Who Is Responsible for My Debt When I Die?

debt-after-death

Debt is persistent. In many cases, not even death can erase it, and you can rest assured your creditors will attempt to collect what you owe when you pass away. You may be worried that, upon your death, your outstanding debt could negatively affect your loved ones.

The parties responsible for your debt depend on where you live and what types of debt you hold. Usually, either your estate (your total assets at the time of your death) or your loved ones will assume responsibility.

When Your Estate Is Responsible

If you’re worried about passing your debt onto your loved ones, there is some good news: In most cases, they won’t have to dip into their own pockets to repay what you owed. When you took out a loan or opened a credit card, the responsibility to pay became yours, and that obligation can’t be extended to your loved ones (unless you live in a community property state — we’ll get to that soon).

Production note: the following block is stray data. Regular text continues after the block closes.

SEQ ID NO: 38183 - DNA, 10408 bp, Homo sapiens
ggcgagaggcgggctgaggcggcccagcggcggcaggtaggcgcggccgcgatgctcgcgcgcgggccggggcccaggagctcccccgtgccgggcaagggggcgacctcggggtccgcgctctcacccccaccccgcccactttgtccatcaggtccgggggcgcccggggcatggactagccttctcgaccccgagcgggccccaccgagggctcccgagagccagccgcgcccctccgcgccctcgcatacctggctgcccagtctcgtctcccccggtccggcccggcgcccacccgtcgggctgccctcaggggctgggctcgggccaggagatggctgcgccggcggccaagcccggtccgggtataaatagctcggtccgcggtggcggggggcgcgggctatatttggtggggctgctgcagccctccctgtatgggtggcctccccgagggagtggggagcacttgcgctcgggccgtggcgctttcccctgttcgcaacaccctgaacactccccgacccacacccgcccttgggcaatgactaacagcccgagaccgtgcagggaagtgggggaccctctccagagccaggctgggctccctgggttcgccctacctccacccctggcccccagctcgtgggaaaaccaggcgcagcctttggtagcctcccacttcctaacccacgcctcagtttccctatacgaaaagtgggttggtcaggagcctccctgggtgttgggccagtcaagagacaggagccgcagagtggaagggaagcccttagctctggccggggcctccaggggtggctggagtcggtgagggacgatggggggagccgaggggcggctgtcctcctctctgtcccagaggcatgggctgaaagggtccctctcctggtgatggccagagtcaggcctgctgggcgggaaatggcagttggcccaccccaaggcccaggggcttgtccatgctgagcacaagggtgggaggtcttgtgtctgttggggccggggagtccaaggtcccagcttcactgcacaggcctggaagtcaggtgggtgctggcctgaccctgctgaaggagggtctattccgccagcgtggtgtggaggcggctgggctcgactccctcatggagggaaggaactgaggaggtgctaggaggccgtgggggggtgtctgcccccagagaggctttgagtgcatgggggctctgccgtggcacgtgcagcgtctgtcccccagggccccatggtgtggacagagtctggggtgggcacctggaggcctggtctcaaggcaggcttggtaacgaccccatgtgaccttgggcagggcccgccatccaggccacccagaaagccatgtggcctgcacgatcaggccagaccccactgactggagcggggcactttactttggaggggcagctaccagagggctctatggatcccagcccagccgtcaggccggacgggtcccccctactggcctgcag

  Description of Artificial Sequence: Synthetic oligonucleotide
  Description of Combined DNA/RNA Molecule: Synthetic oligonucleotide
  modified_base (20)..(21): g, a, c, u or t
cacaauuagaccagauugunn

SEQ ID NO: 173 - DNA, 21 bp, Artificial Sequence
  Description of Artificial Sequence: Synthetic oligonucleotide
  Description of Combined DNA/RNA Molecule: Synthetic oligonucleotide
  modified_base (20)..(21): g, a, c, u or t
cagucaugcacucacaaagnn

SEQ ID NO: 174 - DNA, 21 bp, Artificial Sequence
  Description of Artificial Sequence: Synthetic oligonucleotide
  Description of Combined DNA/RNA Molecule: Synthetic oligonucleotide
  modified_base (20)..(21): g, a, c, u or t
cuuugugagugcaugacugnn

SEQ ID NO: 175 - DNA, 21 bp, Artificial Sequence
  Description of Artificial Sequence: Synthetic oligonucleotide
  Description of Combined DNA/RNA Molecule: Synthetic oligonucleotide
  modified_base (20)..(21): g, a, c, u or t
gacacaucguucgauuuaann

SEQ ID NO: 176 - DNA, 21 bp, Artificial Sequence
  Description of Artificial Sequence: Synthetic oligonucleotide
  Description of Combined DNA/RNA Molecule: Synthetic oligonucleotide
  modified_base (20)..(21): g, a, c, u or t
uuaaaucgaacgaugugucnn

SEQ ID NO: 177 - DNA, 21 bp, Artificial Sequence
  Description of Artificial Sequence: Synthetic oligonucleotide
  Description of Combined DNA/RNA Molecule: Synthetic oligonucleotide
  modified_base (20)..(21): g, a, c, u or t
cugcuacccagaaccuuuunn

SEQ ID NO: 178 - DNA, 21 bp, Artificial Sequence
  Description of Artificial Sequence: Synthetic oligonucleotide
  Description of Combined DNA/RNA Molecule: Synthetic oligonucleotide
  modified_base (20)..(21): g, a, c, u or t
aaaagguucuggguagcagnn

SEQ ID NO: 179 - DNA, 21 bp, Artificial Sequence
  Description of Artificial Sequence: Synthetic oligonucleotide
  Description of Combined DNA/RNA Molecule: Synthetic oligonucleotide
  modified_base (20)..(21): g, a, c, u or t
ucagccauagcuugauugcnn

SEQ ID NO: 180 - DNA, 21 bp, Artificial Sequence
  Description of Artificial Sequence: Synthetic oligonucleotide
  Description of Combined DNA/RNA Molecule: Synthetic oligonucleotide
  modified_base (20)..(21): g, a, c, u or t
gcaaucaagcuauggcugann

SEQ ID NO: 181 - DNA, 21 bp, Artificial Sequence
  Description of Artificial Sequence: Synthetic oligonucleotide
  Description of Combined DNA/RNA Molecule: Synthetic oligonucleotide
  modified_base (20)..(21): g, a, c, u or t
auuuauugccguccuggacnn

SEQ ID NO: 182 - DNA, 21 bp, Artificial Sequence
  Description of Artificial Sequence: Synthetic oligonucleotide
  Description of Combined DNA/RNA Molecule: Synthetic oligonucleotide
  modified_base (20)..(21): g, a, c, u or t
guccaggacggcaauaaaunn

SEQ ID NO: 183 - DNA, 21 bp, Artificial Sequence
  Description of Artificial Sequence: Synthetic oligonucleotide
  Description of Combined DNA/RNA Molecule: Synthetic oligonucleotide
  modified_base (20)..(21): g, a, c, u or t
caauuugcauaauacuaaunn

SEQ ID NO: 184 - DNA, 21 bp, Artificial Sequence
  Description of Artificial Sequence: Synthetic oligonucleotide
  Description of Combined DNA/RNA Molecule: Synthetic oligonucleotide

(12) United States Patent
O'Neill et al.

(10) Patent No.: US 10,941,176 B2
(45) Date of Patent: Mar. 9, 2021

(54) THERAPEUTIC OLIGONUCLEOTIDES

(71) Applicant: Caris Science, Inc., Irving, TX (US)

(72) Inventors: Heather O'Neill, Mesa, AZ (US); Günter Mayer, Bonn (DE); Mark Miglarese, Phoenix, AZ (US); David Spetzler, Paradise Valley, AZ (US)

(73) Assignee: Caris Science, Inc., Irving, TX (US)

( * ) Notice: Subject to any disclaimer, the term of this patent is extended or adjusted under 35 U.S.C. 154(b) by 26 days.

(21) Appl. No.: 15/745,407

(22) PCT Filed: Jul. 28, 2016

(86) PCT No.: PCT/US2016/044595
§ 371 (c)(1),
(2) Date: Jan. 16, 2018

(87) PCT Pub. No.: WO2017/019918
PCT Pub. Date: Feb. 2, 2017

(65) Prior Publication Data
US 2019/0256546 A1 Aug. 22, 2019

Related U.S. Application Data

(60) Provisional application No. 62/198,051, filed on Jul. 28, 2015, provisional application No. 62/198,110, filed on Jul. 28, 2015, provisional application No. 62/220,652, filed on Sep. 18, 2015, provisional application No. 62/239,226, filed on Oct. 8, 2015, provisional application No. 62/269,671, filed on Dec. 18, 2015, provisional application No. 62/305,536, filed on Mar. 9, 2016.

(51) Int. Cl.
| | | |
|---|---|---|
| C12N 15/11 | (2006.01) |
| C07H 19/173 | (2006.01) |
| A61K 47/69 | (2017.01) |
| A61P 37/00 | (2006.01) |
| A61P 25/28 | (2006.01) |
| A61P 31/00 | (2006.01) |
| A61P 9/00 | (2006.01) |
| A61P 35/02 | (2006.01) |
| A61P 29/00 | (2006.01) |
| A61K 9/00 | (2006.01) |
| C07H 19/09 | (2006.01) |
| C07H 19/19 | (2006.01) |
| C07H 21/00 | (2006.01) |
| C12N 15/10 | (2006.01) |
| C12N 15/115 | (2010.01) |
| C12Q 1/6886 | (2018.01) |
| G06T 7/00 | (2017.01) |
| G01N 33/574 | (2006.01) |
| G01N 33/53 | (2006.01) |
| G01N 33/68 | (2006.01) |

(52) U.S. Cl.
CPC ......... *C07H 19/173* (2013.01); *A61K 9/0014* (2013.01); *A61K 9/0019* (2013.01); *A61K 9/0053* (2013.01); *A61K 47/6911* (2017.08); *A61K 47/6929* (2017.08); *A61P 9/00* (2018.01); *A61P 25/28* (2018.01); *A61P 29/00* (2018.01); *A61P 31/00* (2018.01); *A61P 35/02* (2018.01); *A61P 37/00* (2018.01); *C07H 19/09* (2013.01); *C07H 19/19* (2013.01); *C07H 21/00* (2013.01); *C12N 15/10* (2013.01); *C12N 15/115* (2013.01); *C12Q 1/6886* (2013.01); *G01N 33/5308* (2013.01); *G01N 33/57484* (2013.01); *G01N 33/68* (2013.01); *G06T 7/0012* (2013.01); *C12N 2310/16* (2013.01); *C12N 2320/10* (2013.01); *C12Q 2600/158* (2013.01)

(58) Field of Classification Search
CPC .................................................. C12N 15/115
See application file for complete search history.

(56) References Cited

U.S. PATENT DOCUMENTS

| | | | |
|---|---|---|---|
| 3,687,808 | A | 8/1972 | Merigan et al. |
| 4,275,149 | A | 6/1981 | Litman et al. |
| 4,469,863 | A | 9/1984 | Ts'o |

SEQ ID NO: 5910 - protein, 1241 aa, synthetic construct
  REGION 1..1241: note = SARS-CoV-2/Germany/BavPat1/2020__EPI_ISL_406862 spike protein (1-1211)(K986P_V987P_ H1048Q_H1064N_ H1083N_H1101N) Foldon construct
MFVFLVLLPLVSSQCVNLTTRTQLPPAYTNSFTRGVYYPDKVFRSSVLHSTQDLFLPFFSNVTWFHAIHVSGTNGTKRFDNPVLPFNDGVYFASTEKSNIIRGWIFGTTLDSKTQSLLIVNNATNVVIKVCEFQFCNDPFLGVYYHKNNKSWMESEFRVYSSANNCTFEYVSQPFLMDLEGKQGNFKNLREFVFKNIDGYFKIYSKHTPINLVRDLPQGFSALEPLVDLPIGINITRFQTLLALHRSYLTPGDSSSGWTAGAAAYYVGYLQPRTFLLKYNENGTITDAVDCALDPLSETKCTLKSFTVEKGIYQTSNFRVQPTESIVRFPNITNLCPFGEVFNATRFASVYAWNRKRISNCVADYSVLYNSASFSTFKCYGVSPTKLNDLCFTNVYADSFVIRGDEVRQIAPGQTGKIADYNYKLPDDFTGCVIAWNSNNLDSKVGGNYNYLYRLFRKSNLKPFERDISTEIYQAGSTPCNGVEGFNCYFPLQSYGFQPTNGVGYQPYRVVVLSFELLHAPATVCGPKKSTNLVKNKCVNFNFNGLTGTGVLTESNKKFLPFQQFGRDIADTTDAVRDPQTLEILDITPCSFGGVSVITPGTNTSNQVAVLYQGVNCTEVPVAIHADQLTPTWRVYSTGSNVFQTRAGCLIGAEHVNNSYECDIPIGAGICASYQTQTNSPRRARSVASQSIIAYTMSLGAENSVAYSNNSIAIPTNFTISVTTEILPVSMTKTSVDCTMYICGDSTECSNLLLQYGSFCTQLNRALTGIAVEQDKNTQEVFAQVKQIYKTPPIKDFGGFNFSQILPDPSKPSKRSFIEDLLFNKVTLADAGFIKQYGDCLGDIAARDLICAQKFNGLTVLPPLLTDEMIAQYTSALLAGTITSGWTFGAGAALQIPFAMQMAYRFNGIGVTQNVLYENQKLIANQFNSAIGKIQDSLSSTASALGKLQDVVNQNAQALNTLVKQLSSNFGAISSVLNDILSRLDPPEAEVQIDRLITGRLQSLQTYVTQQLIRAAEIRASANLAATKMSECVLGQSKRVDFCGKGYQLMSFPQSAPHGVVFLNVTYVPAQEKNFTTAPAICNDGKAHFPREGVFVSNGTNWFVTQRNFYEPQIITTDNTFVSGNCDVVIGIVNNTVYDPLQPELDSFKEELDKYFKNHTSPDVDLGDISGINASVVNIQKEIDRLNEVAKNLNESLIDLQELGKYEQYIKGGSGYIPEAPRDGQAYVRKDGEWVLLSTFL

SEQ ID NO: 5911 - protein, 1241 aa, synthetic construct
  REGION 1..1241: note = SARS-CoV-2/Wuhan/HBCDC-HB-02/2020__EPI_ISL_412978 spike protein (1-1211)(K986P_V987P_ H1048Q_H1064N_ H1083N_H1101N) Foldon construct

But that doesn’t mean the debt is wiped clean. Your loans, credit card debts and even Medicaid long-term care costs must be settled. Your estate will enter the probate process, in which the executor of your estate pays off your debts and distributes what is left over, according to the directions left in your will (or state law, if you don’t have a will). This is a good reason why families may not want to start splitting up possessions before the probate process is completely executed.

If there isn’t enough money in your estate to cover your debts, your remaining debt is usually wiped clean, but you’ll want to check with your local authorities before making any assumptions.

When Your Loved Ones Are Responsible

In some cases, your loved ones could be liable for your debts. Co-signers and co-borrowers aren’t off the hook for debt they share with you if you pass away. That means any credit cards or loans you officially share with another person will become that person’s responsibility (authorized users don’t count).

Mortgages are a different matter. Joint owners and heirs don’t have to pay off a mortgage immediately. If you leave behind a spouse, or leave your home to a relative, that person can usually take over the payments. Alternatively, they can sell the home to cover the mortgage and any home equity debts.